The Hope probe's first image of Mars, captured from an altitude of 24,700 km above the Martian surface at 20:36 UTC on 10 February 2021, one day after arriving at Mars. Credit: MBRSC/UAE Space Agency

The United Arab Emirates' Hope probe has returned its first image of Mars, following its arrival at the Red Planet at 20:36 UTC on 10 February 2021.


Hope has arrived at Mars ahead of NASA's new Perseverance rover, which is due to land on Mars on 18 February 2021. Both are part of a new fleet of Mars missions launched in 2020.

This first image by the Hope probe was taken with the EXI instrument, 24,700km above surface of the planet. It reveals Mars's North Pole in the upper-left portion, while Olympus Mons, the largest volcano in the Solar System, is seen lit by early morning sunlight in the centre.

The three more prominent volcanoes visible in the image are Ascraeus Mons, Pavonis Mons, and Arisia Mons, and to the east (right) is Noctis Labyrinthus and the Valles Marineris system of Martian canyons.

Listen to our podcast interview with the Hope mission science lead Hessa Rashid Al Matroushi (pictured below)

Hessa Rashid Al Matroushi discusses the Emirates Mars mission on the Radio Astronomy podcast.

Also visible in Hope's first image of Mars are ice clouds over the planet's southern highlands (lower right) and clouds appearing above the surface of the planet (at the very top and middle right), contrasted against the darkness of space.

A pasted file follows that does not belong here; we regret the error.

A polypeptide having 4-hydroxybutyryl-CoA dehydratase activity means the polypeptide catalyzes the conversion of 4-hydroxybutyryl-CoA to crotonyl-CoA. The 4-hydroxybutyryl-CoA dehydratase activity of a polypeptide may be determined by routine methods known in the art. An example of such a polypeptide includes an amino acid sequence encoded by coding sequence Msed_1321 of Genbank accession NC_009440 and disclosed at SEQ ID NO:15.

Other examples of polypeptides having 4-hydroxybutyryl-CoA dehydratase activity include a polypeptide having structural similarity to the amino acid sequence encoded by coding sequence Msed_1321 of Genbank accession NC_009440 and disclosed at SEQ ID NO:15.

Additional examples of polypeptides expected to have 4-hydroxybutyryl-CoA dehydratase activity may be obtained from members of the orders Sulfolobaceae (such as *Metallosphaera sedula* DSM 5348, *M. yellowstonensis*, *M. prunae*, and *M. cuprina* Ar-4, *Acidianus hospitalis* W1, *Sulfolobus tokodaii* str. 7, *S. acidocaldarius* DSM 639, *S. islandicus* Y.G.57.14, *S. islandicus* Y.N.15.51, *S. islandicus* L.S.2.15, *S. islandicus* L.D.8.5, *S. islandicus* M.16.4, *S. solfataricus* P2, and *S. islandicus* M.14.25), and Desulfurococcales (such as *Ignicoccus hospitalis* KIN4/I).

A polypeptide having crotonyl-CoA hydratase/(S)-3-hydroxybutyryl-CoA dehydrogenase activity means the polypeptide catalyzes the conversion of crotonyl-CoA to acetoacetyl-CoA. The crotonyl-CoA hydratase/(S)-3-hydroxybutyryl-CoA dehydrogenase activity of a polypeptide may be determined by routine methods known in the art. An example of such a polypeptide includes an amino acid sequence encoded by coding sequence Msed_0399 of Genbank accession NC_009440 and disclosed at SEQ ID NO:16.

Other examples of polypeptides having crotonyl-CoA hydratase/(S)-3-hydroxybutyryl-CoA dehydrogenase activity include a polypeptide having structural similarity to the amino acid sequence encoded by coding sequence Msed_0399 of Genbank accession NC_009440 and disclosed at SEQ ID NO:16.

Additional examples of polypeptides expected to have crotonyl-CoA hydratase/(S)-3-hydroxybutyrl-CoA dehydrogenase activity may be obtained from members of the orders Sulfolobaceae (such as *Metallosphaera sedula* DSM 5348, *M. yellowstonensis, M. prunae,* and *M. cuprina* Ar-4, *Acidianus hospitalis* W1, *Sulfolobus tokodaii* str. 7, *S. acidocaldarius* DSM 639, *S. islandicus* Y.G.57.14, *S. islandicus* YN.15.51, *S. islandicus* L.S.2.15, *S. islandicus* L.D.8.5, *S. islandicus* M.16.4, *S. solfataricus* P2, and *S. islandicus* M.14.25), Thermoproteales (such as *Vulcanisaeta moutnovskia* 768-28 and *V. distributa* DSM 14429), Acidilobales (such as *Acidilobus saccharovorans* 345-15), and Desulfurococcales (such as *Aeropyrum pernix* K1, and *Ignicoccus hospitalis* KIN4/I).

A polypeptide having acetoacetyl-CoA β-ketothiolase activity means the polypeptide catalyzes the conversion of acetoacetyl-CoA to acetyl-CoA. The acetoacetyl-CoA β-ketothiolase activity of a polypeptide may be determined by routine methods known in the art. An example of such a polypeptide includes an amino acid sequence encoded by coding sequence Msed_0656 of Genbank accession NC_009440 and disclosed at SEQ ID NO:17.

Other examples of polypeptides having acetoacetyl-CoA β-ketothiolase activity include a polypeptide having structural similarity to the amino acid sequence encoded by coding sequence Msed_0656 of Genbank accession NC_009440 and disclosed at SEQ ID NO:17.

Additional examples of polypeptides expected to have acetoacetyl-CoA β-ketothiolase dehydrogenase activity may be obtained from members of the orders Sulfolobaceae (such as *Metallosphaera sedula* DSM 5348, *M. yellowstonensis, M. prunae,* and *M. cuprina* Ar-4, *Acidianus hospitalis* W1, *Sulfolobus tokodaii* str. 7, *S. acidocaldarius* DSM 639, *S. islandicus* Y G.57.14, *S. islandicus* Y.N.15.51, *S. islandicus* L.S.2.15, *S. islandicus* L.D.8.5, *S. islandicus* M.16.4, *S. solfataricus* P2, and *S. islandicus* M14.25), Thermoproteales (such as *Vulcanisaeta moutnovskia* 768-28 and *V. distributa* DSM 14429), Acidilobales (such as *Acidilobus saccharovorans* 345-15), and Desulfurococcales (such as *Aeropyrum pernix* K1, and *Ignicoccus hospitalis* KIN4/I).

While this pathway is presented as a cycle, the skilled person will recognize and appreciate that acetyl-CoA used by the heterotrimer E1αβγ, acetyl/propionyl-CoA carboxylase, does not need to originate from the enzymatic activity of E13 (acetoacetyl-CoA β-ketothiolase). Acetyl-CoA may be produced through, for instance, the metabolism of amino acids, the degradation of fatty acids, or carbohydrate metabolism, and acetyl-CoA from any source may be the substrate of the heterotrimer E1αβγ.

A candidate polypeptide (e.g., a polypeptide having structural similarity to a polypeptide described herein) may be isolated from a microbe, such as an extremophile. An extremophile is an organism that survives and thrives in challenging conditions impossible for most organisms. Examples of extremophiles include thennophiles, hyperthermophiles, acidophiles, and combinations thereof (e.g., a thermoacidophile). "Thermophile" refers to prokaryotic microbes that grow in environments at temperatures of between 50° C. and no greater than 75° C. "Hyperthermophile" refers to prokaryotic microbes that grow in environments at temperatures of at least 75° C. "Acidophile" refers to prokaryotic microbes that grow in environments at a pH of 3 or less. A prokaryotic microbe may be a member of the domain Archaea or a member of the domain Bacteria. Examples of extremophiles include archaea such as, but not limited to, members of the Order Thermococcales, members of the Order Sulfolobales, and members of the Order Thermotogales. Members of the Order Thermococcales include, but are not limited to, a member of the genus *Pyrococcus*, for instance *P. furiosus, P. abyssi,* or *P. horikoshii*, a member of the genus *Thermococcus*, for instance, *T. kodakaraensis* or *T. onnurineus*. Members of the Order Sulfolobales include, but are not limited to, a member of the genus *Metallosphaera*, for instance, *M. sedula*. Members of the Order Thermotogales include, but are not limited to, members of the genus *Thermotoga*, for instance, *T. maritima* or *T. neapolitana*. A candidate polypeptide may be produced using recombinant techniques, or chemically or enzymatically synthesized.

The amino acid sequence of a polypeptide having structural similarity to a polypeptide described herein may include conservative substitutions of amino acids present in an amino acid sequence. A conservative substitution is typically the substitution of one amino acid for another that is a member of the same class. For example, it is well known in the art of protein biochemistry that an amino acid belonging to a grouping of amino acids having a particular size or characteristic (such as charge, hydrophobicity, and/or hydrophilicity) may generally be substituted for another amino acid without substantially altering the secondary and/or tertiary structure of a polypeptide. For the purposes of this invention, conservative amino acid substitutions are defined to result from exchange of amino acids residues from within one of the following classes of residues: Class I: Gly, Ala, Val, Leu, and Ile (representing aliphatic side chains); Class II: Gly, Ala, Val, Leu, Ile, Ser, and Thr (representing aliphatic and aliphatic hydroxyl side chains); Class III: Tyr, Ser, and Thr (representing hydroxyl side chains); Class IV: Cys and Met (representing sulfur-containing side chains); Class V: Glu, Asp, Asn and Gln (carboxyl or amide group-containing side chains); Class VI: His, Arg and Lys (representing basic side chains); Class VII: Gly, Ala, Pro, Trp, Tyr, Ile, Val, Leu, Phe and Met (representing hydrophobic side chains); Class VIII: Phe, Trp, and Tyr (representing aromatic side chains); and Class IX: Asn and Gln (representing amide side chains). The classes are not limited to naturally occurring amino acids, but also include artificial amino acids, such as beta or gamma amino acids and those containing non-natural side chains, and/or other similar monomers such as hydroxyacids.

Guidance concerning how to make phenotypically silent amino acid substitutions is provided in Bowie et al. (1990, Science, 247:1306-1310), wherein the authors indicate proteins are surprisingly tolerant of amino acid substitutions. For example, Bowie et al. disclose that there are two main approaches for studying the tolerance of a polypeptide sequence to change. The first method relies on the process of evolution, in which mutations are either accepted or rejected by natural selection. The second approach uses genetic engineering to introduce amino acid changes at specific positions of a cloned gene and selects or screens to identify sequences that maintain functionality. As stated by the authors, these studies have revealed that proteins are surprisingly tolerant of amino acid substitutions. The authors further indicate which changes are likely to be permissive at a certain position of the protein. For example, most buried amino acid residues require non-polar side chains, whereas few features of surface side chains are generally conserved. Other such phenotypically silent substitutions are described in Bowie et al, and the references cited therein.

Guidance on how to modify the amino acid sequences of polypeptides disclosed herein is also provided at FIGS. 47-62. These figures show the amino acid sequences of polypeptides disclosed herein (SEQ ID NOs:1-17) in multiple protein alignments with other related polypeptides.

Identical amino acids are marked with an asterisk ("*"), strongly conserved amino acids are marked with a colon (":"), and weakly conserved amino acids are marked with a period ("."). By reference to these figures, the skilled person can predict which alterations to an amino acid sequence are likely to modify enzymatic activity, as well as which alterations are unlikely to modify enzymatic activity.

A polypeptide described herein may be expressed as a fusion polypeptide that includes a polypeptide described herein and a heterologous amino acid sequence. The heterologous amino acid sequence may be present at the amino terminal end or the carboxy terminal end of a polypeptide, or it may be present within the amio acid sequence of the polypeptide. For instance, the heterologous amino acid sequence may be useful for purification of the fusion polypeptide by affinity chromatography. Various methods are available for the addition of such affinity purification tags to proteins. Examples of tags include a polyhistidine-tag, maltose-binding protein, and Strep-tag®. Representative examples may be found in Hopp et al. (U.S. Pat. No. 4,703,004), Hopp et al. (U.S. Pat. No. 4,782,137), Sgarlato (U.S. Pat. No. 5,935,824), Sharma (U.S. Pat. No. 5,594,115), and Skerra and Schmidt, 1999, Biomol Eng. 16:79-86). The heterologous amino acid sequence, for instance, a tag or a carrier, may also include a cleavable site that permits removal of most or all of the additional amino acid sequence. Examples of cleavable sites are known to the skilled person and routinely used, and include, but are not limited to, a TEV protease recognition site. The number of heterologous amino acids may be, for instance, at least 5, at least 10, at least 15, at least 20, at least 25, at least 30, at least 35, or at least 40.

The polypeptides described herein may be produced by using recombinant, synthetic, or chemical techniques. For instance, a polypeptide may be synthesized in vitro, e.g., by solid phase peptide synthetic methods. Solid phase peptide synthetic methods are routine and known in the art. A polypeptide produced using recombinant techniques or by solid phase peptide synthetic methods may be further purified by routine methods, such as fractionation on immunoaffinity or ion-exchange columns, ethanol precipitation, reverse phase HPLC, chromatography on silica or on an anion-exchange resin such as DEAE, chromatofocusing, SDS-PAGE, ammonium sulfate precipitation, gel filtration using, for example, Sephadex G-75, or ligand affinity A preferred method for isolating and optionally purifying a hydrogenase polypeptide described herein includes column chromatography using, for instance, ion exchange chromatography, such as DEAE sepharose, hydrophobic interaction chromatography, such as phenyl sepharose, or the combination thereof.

Already, it seems, the Hope probe is delivering on its promise to study the Martian atmosphere and give planetary scientists a means to improve weather forecasting on Mars, including data on the notorious Martian winds. Data from the Hope mission could also reveal how the Red Planet has evolved over time.

The Hope probe is about the size of a small car and is fitted with two solar panels. Hope launched on 19 July 2020 and now that it's arrived at Mars, will orbit the planet once every 55 Earth days.

Studying Mars's atmosphere should shed light on how matter and energy moves between the atmospheric layers, and could provide clues as to how Mars went from the warm, wet planet it once was to the cold, dry world we know it as today.

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Observatory Hope probe

Image capture date 10 February 2021


Image credit MBRSC/UAE Space Agency


Iain Todd, BBC Sky at Night Magazine
Iain ToddScience journalist

Iain Todd is BBC Sky at Night Magazine's Content Editor. He fell in love with the night sky when he caught his first glimpse of Orion, aged 10.